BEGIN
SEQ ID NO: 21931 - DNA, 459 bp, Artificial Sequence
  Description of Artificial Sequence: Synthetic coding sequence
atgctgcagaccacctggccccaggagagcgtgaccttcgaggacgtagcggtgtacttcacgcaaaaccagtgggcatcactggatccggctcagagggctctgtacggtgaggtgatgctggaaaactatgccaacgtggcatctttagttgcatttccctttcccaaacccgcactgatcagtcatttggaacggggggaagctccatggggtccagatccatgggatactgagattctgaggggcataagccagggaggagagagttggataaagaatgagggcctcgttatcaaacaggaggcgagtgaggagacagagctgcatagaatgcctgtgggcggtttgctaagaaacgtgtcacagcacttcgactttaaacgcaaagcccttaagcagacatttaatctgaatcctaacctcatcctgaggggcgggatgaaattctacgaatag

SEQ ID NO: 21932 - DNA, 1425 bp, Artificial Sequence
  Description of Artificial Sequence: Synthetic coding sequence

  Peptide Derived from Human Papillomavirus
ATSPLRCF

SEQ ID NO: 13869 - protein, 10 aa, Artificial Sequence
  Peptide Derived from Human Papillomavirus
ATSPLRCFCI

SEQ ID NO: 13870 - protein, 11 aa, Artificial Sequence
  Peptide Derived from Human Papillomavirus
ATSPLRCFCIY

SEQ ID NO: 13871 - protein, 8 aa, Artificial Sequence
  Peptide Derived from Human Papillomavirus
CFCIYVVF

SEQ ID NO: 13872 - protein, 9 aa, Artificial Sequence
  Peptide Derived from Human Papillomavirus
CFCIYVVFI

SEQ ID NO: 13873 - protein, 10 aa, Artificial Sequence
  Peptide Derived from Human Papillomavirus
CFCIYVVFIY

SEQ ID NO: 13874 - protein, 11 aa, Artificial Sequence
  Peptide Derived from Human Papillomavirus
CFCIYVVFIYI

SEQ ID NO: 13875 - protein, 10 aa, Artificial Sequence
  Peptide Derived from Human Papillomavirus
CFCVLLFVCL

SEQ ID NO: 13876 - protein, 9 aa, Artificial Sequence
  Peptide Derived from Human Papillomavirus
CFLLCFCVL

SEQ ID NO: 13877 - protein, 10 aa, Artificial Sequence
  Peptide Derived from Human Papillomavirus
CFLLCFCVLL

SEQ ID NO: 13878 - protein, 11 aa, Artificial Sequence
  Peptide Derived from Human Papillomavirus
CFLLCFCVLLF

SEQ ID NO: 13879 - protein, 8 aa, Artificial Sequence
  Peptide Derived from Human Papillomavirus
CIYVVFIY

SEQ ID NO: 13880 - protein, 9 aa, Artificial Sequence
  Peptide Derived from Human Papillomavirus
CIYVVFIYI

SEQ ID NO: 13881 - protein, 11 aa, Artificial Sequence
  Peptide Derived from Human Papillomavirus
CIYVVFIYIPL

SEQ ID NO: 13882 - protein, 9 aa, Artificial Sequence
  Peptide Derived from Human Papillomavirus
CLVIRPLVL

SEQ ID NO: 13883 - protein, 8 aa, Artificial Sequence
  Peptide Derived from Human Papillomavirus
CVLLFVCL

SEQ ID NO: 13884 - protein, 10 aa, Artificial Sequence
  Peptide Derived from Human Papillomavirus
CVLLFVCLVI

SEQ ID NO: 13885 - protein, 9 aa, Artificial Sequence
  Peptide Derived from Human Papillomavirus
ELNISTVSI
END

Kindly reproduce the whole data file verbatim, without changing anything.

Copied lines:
SEQ ID NO: 21931 - DNA, 459 bp, Artificial Sequence
  Description of Artificial Sequence: Synthetic coding sequence
atgctgcagaccacctggccccaggagagcgtgaccttcgaggacgtagcggtgtacttcacgcaaaaccagtgggcatcactggatccggctcagagggctctgtacggtgaggtgatgctggaaaactatgccaacgtggcatctttagttgcatttccctttcccaaacccgcactgatcagtcatttggaacggggggaagctccatggggtccagatccatgggatactgagattctgaggggcataagccagggaggagagagttggataaagaatgagggcctcgttatcaaacaggaggcgagtgaggagacagagctgcatagaatgcctgtgggcggtttgctaagaaacgtgtcacagcacttcgactttaaacgcaaagcccttaagcagacatttaatctgaatcctaacctcatcctgaggggcgggatgaaattctacgaatag

SEQ ID NO: 21932 - DNA, 1425 bp, Artificial Sequence
  Description of Artificial Sequence: Synthetic coding sequence

  Peptide Derived from Human Papillomavirus
ATSPLRCF

SEQ ID NO: 13869 - protein, 10 aa, Artificial Sequence
  Peptide Derived from Human Papillomavirus
ATSPLRCFCI

SEQ ID NO: 13870 - protein, 11 aa, Artificial Sequence
  Peptide Derived from Human Papillomavirus
ATSPLRCFCIY

SEQ ID NO: 13871 - protein, 8 aa, Artificial Sequence
  Peptide Derived from Human Papillomavirus
CFCIYVVF

SEQ ID NO: 13872 - protein, 9 aa, Artificial Sequence
  Peptide Derived from Human Papillomavirus
CFCIYVVFI

SEQ ID NO: 13873 - protein, 10 aa, Artificial Sequence
  Peptide Derived from Human Papillomavirus
CFCIYVVFIY

SEQ ID NO: 13874 - protein, 11 aa, Artificial Sequence
  Peptide Derived from Human Papillomavirus
CFCIYVVFIYI

SEQ ID NO: 13875 - protein, 10 aa, Artificial Sequence
  Peptide Derived from Human Papillomavirus
CFCVLLFVCL

SEQ ID NO: 13876 - protein, 9 aa, Artificial Sequence
  Peptide Derived from Human Papillomavirus
CFLLCFCVL

SEQ ID NO: 13877 - protein, 10 aa, Artificial Sequence
  Peptide Derived from Human Papillomavirus
CFLLCFCVLL

SEQ ID NO: 13878 - protein, 11 aa, Artificial Sequence
  Peptide Derived from Human Papillomavirus
CFLLCFCVLLF

SEQ ID NO: 13879 - protein, 8 aa, Artificial Sequence
  Peptide Derived from Human Papillomavirus
CIYVVFIY

SEQ ID NO: 13880 - protein, 9 aa, Artificial Sequence
  Peptide Derived from Human Papillomavirus
CIYVVFIYI

SEQ ID NO: 13881 - protein, 11 aa, Artificial Sequence
  Peptide Derived from Human Papillomavirus
CIYVVFIYIPL

SEQ ID NO: 13882 - protein, 9 aa, Artificial Sequence
  Peptide Derived from Human Papillomavirus
CLVIRPLVL

SEQ ID NO: 13883 - protein, 8 aa, Artificial Sequence
  Peptide Derived from Human Papillomavirus
CVLLFVCL

SEQ ID NO: 13884 - protein, 10 aa, Artificial Sequence
  Peptide Derived from Human Papillomavirus
CVLLFVCLVI

SEQ ID NO: 13885 - protein, 9 aa, Artificial Sequence
  Peptide Derived from Human Papillomavirus
ELNISTVSI